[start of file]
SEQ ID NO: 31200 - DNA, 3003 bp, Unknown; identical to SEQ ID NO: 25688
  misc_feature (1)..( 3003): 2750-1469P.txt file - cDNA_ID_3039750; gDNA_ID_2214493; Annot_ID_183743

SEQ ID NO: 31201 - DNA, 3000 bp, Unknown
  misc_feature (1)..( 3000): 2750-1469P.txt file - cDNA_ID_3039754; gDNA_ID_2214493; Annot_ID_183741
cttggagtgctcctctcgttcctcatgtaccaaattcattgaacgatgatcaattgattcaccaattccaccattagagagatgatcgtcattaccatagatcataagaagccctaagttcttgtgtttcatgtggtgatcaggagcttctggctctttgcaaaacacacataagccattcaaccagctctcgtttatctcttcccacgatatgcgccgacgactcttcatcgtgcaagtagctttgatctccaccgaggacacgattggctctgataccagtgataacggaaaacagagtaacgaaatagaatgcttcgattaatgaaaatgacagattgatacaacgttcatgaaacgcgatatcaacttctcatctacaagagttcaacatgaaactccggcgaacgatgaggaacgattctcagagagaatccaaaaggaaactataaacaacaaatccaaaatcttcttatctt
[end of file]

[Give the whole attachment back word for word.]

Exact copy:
SEQ ID NO: 31200 - DNA, 3003 bp, Unknown; identical to SEQ ID NO: 25688
  misc_feature (1)..( 3003): 2750-1469P.txt file - cDNA_ID_3039750; gDNA_ID_2214493; Annot_ID_183743

SEQ ID NO: 31201 - DNA, 3000 bp, Unknown
  misc_feature (1)..( 3000): 2750-1469P.txt file - cDNA_ID_3039754; gDNA_ID_2214493; Annot_ID_183741
cttggagtgctcctctcgttcctcatgtaccaaattcattgaacgatgatcaattgattcaccaattccaccattagagagatgatcgtcattaccatagatcataagaagccctaagttcttgtgtttcatgtggtgatcaggagcttctggctctttgcaaaacacacataagccattcaaccagctctcgtttatctcttcccacgatatgcgccgacgactcttcatcgtgcaagtagctttgatctccaccgaggacacgattggctctgataccagtgataacggaaaacagagtaacgaaatagaatgcttcgattaatgaaaatgacagattgatacaacgttcatgaaacgcgatatcaacttctcatctacaagagttcaacatgaaactccggcgaacgatgaggaacgattctcagagagaatccaaaaggaaactataaacaacaaatccaaaatcttcttatctt